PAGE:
Background: It is important for physicians to disclose medical errors to institutions (for patient safety), to colleagues (for professional learning), and to patients (as part of direct patient care), but no comprehensive review of factors that may facilitate or impede disclosure has been undertaken.
Methods: A MEDLINE search was conducted of English-language articles published from 1975-2004, with review of bibliographies. A total of 5,509 articles were reviewed by title, 881 articles were retrieved for full text review, and 475 articles satisfied the inclusion criteria. Article content was assessed by identifying factors that facilitate or impede disclosure and classifying each article's primary goal of disclosure.
Results: Thirty-five factors believed to facilitate disclosure were identified (for example, accountability, honesty, restitution), as were 41 factors believed to impede it (for example, professional repercussions, legal liability, blame). The three most common goals of disclosure were to improve patient safety, enhance learning, and inform patients. Facilitating factors were more commonly cited when the goal of disclosure was to inform patients.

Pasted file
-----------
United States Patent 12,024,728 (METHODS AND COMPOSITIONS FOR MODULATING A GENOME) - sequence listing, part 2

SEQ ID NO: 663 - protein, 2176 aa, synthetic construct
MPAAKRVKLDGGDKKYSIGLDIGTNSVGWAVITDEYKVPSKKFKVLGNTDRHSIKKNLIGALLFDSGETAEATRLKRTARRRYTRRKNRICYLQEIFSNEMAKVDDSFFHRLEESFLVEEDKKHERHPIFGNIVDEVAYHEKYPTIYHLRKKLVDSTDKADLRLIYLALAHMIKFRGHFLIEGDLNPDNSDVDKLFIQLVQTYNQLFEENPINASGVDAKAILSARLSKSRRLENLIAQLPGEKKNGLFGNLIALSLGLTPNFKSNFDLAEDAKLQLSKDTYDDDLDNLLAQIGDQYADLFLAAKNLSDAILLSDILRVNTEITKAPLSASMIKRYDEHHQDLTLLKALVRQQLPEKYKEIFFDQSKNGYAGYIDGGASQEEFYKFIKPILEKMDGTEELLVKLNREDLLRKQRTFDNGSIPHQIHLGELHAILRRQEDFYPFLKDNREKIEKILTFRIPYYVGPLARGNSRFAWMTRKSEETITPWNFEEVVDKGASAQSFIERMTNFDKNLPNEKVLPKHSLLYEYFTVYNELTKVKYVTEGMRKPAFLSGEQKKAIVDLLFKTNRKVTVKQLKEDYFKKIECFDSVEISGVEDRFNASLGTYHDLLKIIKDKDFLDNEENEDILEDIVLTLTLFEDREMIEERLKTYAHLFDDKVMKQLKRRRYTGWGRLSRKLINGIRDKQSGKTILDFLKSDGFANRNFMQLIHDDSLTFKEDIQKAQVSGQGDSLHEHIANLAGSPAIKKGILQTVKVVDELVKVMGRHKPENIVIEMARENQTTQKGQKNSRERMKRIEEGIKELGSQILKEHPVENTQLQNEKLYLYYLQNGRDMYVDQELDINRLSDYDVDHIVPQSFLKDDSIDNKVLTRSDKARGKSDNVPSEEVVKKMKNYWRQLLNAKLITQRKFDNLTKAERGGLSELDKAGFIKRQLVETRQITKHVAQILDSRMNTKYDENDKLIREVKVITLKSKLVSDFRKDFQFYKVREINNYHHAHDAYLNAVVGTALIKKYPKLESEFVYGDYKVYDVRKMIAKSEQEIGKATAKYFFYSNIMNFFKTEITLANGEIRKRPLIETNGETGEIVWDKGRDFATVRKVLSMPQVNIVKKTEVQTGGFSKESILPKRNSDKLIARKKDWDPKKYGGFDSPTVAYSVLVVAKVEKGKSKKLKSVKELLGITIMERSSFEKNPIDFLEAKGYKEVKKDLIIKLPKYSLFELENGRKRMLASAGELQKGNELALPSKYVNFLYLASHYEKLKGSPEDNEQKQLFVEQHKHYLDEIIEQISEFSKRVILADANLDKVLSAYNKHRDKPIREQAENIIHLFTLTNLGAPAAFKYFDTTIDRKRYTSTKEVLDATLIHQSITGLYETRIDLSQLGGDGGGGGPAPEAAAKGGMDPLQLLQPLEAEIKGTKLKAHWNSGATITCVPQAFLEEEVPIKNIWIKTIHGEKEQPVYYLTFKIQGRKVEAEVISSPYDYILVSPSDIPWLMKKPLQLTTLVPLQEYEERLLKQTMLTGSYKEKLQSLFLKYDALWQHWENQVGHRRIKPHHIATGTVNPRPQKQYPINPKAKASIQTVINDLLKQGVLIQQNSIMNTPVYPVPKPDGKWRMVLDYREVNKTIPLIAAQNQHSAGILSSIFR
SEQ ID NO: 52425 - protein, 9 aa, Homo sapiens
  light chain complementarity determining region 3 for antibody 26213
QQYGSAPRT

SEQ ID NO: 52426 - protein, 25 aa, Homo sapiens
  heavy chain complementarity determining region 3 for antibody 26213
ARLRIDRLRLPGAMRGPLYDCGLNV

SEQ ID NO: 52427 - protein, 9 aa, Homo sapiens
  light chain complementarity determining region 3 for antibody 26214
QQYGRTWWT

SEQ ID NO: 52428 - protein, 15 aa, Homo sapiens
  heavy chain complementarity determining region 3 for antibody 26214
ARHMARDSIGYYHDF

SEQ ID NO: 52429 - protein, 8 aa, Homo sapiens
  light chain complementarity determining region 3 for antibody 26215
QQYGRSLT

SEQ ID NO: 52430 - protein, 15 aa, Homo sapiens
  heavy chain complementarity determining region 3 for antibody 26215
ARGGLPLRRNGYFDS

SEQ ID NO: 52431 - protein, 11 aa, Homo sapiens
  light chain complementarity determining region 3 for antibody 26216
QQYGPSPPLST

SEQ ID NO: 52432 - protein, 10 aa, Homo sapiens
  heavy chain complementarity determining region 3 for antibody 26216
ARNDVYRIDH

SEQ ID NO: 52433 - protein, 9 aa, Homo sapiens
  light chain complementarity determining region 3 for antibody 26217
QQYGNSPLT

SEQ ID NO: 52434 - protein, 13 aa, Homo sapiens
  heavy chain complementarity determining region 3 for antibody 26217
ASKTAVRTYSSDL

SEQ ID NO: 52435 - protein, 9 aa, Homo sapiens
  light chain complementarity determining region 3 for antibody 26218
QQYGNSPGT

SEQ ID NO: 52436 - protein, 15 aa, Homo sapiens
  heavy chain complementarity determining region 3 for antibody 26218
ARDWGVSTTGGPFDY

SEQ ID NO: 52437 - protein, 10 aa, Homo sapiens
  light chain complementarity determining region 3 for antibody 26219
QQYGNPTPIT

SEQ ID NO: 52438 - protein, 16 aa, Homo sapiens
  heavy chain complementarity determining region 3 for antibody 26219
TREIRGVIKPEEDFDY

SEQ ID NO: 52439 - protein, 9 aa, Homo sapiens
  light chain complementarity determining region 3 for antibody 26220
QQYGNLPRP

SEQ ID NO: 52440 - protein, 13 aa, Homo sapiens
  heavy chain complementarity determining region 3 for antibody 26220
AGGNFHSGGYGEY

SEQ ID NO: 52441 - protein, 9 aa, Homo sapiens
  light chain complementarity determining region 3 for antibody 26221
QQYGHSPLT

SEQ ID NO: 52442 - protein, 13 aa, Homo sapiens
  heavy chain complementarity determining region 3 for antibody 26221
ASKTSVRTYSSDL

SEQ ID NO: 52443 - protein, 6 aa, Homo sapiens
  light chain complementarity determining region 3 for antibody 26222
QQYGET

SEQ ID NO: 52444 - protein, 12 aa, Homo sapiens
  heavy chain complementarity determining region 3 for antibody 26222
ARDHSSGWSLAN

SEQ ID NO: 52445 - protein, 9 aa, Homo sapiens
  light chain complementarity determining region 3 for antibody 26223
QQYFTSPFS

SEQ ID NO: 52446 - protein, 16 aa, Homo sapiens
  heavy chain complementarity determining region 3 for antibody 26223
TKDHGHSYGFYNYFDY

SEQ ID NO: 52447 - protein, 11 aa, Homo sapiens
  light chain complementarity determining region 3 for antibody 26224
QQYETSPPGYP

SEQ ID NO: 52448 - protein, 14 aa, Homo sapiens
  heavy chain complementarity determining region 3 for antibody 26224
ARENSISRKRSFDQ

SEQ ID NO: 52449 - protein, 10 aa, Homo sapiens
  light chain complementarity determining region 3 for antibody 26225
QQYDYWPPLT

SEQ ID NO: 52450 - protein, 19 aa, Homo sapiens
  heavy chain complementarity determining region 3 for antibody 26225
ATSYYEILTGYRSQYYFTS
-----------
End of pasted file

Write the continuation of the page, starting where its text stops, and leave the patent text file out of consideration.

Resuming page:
Discussion: A wide range of factors are capable of facilitating or impeding the disclosure of medical errors. Innovations to enhance error disclosure should address both sides of the equation: impeding factors should be removed and facilitating factors should be promoted.